So I recently had to do some work on a server that required stopping all sites in IIS but without stopping IIS itself. Here’s the short post on how I did that. Now of course I needed to have all the sites turned back on again. Just restarting IIS wouldn’t do what I needed – it seems to remember what sites were running before the reset. So, here’s a quick little script, which is just the inverse of the previous script, to start all sites.
c:\windows\system32\inetsrv\appcmd.exe list site /xml /state:"$=stopped" | appcmd start site /in
There you go. Simple as could be. This loops through and lists all the sites currently with their running state set to “stopped”, pipes it into the next command, which just starts each of the sites in the list.
By the way this is super fast. Even on a server with hundreds of sites it only took a second or two to run.
Happy IIS hosting! :)
I had a need recently to stop all the sites running on a Windows server, but I didn’t want to stop IIS. This specific server has hundreds of sites running on it, so stopping each one at a time would have taken an excessive amount of time.
So with a little Google-fu I stumbled across an old post that leverages appcmd
c:\windows\system32\inetsrv\appcmd.exe list site /xml /state:"$=started" | appcmd stop site /in
This single command will pull a list of all the sites that currently have a running state of “started” and then pipe that list into the stop command. This runs super-fast even on a server with hundreds of sites – very impressive and using this saved me tons of time!
Happy IIS hosting! :)
By the way, here’s the inverse of this script to restart all the sites on an IIS server.
Okay, this bit me again today, and I didn’t remember the solution from previous research so I had to research it again. That to me means I need to write it up in a blog post. :)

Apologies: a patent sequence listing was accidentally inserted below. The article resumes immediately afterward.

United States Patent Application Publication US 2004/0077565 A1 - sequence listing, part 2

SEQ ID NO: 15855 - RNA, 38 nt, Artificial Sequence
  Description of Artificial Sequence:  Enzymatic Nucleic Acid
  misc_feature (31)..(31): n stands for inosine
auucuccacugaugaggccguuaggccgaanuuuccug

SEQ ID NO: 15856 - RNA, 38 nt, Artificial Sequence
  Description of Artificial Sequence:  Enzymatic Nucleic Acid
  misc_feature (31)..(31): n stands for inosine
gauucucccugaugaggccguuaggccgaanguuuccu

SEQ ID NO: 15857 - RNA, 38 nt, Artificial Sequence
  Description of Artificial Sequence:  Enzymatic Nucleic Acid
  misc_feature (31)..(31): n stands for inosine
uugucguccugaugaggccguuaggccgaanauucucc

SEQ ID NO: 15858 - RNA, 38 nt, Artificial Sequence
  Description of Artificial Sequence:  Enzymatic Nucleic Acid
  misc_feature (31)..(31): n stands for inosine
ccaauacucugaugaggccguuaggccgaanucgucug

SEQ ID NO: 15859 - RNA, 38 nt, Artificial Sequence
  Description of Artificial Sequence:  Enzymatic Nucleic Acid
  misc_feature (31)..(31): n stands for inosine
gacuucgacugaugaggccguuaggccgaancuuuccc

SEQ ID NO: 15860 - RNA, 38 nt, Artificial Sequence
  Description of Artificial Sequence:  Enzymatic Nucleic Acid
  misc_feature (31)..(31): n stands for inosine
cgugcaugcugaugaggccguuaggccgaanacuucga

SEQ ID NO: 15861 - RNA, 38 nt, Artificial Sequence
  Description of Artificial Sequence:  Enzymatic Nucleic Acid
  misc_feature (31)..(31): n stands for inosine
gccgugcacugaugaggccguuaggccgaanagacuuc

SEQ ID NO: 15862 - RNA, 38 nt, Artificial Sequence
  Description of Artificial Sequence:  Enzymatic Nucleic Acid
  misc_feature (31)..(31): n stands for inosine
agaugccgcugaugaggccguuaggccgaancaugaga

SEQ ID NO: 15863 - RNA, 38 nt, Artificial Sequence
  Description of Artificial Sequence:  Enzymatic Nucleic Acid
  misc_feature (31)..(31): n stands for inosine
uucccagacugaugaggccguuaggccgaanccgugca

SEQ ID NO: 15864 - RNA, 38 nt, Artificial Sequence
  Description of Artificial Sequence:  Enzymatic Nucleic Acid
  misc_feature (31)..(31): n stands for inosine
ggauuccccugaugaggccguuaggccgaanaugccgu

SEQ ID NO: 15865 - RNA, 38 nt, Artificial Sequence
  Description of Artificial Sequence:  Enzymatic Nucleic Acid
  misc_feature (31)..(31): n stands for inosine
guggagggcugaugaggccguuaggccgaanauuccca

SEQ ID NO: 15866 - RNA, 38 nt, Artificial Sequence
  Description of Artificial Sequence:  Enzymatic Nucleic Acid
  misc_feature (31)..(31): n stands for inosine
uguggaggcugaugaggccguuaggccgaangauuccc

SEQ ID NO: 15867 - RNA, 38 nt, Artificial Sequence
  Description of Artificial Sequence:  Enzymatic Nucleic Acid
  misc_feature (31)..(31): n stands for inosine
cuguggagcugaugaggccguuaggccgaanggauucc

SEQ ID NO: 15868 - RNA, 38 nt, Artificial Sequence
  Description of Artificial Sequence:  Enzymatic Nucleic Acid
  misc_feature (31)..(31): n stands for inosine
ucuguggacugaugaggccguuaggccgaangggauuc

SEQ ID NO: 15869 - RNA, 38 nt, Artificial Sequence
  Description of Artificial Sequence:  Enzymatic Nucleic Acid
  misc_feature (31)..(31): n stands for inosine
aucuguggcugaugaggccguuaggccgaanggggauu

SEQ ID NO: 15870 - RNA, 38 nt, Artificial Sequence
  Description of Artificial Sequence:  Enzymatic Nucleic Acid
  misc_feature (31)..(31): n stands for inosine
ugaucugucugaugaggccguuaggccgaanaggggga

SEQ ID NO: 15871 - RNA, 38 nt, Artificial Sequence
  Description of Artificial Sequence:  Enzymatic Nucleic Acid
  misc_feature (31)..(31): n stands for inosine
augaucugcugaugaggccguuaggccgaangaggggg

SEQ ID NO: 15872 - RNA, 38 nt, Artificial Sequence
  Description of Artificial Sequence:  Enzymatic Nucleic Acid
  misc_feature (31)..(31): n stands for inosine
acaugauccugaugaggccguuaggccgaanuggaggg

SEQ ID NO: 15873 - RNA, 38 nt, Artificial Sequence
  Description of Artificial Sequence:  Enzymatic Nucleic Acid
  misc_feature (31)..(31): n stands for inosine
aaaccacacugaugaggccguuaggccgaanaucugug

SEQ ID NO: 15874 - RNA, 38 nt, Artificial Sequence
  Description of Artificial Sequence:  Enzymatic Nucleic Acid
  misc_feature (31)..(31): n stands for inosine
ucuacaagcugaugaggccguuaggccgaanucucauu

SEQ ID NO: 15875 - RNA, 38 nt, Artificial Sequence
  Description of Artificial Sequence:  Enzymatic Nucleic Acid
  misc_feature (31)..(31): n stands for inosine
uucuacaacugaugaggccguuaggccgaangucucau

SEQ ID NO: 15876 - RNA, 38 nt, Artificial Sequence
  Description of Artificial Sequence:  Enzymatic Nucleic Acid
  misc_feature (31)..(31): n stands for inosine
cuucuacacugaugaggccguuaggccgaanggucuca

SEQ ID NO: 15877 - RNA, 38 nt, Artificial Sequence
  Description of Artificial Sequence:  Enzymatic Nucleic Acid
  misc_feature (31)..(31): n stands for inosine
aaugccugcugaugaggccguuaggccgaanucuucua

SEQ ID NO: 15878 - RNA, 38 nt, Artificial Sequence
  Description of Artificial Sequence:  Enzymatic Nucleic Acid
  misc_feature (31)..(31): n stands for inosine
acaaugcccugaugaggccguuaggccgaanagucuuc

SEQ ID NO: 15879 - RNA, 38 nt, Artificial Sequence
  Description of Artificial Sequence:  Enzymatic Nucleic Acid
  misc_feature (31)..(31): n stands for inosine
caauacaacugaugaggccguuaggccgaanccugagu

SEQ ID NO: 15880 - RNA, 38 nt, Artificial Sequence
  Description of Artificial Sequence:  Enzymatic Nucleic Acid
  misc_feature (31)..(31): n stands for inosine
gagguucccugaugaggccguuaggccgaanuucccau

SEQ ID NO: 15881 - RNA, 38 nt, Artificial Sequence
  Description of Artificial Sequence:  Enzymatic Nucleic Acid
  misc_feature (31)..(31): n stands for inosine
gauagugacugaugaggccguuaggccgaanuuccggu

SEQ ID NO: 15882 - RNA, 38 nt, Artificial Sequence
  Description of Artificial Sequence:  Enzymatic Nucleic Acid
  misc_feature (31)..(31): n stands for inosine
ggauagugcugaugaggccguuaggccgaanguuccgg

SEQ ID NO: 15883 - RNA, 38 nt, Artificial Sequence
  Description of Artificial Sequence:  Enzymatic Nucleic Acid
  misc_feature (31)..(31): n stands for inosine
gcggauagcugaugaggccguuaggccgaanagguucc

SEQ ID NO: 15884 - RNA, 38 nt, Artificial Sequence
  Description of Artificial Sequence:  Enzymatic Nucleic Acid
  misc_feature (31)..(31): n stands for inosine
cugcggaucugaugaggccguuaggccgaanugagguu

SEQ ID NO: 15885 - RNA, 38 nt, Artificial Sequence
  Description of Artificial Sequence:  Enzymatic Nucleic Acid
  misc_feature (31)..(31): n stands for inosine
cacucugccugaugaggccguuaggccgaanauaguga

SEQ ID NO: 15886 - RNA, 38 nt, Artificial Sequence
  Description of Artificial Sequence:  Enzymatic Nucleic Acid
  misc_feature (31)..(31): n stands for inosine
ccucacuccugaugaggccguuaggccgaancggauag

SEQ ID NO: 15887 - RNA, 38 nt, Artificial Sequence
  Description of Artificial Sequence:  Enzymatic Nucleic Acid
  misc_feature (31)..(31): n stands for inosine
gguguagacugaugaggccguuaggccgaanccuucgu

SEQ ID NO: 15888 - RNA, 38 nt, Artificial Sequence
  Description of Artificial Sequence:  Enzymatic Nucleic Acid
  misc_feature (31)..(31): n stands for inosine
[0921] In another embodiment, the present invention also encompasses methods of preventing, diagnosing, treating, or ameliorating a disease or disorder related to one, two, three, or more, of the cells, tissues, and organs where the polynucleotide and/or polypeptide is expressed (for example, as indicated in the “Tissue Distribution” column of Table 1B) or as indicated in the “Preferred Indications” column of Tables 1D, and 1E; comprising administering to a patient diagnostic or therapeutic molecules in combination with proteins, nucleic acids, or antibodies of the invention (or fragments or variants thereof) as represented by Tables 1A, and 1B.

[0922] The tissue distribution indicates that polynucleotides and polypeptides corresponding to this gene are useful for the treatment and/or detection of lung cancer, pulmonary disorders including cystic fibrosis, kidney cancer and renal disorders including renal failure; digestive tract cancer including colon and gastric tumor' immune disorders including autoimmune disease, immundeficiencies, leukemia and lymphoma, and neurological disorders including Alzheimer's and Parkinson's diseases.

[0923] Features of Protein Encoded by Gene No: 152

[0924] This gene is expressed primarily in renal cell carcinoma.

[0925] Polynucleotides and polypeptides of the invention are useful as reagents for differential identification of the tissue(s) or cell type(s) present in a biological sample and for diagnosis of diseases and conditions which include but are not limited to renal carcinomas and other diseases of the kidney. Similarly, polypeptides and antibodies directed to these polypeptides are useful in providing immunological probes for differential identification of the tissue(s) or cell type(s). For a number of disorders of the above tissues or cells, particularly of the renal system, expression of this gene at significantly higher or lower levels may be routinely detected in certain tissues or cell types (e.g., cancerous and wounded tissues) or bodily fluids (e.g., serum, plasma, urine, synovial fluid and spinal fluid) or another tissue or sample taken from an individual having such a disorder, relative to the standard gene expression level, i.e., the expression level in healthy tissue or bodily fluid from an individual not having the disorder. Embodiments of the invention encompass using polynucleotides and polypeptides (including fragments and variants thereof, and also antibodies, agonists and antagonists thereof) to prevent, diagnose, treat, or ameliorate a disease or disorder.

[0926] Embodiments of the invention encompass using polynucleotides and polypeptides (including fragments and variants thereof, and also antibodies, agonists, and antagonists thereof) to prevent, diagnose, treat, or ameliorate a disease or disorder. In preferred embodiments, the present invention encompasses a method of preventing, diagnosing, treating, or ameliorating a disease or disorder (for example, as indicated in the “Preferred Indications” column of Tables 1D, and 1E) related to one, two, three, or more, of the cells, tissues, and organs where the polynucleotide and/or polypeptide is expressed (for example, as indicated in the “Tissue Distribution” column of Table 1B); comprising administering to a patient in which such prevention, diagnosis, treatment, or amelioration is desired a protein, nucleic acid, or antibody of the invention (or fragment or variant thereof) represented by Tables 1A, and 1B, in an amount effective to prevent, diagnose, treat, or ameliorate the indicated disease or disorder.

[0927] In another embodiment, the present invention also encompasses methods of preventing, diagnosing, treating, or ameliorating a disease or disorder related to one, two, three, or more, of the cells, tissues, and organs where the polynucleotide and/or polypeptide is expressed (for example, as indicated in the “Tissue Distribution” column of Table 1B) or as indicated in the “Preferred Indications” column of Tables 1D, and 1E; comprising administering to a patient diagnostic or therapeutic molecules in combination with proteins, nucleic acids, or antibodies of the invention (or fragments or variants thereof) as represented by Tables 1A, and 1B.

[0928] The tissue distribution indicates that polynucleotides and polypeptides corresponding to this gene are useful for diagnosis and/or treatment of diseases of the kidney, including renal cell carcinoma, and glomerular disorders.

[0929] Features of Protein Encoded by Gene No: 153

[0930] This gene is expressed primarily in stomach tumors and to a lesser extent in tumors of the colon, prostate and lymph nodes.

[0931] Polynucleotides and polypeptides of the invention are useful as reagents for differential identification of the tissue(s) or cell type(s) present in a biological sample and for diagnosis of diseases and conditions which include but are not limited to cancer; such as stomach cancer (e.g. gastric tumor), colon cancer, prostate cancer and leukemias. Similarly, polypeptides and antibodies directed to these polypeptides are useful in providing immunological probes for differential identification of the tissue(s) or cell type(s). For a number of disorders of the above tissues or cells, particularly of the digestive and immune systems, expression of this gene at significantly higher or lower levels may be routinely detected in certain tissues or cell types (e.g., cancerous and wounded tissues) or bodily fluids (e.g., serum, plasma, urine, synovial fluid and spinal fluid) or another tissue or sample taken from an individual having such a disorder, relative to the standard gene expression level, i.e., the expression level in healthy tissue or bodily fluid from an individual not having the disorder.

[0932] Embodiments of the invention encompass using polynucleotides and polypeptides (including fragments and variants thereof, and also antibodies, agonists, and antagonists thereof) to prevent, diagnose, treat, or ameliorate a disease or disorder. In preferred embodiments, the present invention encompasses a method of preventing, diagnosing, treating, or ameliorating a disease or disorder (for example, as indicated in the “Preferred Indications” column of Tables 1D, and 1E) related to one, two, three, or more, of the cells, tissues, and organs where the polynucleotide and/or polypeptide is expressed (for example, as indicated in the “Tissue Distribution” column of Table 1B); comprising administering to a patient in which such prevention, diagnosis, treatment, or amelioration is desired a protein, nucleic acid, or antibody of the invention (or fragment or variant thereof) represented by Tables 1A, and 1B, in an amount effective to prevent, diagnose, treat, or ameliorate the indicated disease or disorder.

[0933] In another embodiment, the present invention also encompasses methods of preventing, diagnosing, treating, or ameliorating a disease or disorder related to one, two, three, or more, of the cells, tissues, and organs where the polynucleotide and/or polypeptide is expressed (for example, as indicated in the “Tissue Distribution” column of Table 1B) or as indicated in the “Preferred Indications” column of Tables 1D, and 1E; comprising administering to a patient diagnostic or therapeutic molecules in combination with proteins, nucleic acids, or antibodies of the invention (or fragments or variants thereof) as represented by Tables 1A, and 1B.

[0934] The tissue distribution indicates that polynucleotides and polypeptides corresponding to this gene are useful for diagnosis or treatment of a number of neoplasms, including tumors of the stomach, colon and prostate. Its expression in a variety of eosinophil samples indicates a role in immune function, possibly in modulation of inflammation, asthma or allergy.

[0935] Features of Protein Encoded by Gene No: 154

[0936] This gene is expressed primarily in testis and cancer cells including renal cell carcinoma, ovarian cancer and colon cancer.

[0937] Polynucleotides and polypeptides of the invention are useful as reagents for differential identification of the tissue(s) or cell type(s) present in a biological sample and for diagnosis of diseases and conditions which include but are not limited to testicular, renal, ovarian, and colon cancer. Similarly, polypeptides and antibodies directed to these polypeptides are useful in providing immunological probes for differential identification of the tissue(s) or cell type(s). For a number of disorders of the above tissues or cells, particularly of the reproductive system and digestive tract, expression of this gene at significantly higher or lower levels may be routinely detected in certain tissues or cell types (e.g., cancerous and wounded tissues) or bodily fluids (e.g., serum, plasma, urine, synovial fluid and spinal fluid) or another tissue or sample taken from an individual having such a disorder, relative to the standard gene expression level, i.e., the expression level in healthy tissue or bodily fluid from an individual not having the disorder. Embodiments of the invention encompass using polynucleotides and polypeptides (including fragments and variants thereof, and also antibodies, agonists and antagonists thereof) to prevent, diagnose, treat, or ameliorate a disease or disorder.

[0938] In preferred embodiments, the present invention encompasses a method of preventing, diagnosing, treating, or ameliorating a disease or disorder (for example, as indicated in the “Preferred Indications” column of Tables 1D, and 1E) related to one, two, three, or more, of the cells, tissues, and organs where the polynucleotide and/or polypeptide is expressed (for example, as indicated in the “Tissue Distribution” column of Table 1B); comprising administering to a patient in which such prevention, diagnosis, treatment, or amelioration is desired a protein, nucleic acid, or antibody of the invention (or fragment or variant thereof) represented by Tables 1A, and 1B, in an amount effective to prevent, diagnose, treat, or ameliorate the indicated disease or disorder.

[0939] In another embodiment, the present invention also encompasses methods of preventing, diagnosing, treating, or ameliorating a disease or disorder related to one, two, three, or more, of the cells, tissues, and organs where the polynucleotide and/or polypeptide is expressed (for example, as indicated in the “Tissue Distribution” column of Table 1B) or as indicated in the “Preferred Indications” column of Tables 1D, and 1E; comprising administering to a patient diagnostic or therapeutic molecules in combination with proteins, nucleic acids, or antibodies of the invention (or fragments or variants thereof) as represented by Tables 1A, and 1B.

I’m running WordPress for this blog. It is hosted on a Windows 2012 R2 server (using IIS, not Apache) with the latest versions of PHP and MySQL installed.
I uploaded a post earlier that had a PNG file screenshot included. The PNG file uploaded fine and showed up fine in the Media management screen of WordPress but it wouldn’t display in the actual post. The issue winds up being a permissions problem. Read more »
The topic recently came up of the best way to convert a folder to an application on remote shared hosting server. Some hosts may have this built-in to their control panel. I know many (like Cytanium) have options in the control panel to create Virtual Directories, but sometimes an application specifically needs its folder to be marked as a literal “application” within IIS. Read more »
Guest post from Rick Barber from OrcsWeb today…
While attempting to install IIS through role services with other than the default options checked or ASP.Net under IIS in role services on Windows Server 2008 and 2008 R2 you may come across errors like the one below; ‘Attempt to install XXX failed with error code 0x800736B3. The referenced assembly is not installed on your system.’
After little success trying a variety of ‘fixes,’ I came across this KB article:
Once I downloaded and installed the proper hotfix, I was able to install IIS and ASP.Net on my Windows 2008 R2 server.